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At the US-Cuba match in Italy, fans munch on ... bruschetta?
Earlier in the summer, left-handed Cuban pitcher Aroldis Chapman walked out of his Netherlands hotel and defected, the kind of thing that casts a negative light on the defector’s country. In the best capitalist tradition, Chapman immediately established residency in Andorra, assuring that the millions he earns from the Yankees or Red Sox will go untaxed.
The game I saw concluded without any major non-baseball developments. The U.S. won 5-3, and then repeated the feat three days later, beating Cuba 10-5 to win the championship on Sunday. The title gave the U.S. back-to-back Baseball World Cup titles for the first time since the 1970s.
The next day, I spoke to World Cup organizers who stressed that if baseball is going to succeed as a world sport it needed to succeed in places like Nettuno, considered one of the capitals of European baseball thanks in part to a historic U.S. military presence in the area. On the surface, the argument makes sense. One of the strongest teams in the smallish Italian pro league is based in Nettuno, where the stadium is a handsome structure that seats 8,000. The fans are surprisingly knowledgeable (they applauded loudest whenever there was a "doppia eliminazione" — a double play) and enthusiastic enough to turn out for games even after the Italian squad was eliminated. But there’s no doubt that baseball has a long way to go to become an international sport. A total of 20 teams representing every continent but Antarctica played in the World Cup field. But the range of teams did little but highlight the weakness of the sport beyond its traditional strongholds in North America, the Caribbean rim and in parts of Asia.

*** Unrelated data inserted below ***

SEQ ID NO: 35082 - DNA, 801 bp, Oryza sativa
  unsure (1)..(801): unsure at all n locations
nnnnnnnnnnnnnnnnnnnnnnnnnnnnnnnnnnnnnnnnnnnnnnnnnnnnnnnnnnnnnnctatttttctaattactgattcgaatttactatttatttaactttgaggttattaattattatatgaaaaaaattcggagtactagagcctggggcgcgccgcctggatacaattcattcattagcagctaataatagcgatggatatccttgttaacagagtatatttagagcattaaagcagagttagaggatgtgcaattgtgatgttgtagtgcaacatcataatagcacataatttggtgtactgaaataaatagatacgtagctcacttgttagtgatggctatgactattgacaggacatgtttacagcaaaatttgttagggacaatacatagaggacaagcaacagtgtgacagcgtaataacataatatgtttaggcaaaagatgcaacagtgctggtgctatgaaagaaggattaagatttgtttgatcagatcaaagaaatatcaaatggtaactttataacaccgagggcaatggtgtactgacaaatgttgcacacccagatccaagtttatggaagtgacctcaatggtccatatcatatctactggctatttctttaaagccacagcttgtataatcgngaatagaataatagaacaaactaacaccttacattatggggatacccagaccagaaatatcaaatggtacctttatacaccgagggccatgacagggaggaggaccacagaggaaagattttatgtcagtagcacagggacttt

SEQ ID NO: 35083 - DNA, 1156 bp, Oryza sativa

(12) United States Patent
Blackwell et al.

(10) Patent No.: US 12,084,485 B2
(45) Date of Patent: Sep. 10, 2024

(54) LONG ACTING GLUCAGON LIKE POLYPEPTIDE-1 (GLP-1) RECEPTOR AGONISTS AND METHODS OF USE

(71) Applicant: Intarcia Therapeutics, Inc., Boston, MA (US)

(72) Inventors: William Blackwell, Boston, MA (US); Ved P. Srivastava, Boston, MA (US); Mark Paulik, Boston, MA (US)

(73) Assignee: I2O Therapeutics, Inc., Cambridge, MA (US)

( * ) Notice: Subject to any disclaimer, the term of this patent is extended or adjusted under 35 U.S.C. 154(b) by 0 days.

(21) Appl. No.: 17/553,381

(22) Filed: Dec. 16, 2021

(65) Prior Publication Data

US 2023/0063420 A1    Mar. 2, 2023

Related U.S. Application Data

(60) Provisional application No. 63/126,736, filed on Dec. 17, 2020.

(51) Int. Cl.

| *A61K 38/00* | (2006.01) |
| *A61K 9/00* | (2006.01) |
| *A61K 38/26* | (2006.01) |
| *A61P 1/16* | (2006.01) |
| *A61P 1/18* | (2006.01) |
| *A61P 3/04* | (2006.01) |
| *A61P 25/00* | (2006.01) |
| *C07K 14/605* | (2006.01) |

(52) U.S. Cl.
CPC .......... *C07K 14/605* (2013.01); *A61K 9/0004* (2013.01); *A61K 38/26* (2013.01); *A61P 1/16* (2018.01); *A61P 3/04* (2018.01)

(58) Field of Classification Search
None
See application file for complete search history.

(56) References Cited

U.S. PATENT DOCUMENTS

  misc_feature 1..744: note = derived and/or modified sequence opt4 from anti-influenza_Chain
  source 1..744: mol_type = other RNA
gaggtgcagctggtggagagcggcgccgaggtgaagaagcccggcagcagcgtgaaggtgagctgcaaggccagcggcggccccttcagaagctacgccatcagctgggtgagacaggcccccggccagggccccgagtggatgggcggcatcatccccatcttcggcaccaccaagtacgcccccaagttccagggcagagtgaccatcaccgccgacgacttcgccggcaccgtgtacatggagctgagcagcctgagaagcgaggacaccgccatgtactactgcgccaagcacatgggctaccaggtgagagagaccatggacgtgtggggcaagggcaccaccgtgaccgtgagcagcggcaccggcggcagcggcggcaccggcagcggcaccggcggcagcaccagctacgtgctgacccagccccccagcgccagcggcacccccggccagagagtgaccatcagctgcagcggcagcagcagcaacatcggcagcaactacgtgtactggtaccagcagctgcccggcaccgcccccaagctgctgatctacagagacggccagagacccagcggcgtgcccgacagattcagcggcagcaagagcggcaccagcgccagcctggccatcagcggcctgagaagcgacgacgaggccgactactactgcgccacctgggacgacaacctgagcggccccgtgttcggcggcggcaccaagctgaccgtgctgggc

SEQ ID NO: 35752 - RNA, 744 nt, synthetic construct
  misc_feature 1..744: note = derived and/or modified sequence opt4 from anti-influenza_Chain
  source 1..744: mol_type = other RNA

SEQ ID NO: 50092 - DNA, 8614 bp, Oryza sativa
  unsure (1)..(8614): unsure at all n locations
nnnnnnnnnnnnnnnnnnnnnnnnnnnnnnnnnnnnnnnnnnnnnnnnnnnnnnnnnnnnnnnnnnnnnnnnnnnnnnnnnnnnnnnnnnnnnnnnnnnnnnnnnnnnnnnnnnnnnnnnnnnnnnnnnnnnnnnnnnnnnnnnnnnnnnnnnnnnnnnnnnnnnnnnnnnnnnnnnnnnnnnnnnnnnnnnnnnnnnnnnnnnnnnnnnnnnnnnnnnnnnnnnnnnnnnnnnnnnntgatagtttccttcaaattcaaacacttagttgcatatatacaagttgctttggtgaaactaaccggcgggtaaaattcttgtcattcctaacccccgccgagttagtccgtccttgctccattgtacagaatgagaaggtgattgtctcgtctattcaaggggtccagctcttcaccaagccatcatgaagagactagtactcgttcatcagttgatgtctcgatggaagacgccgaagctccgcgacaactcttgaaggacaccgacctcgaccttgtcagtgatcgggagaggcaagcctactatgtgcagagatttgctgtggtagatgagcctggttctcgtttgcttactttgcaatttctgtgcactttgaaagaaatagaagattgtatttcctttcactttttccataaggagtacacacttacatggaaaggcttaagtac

The first round was full of laughable competition: Venezuela beat Germany, 12-1, and China, 17-2. Canada won 19-1 against Sweden and 15-0 against Netherlands Antilles. Taiwan beat the Czech Republic, 10-1, and Puerto Rico prevailed 12-0 against South Africa. Look at the biographies of the players from the Dutch, Italian or Australian rosters — the non-traditional powers that made some noise in the second round — and you’ll find them filled with players who grew up somewhere else.
As much as I miss baseball, the Italian version of the sport lacks the same authenticity as most of the Italian food I've had back home. It's almost impossible to find a proper bruschetta or an intense enough espresso when I'm back in Florida, but if I'm there long enough I make do with what's available. I suppose I'll have to do the same with baseball here in Italy.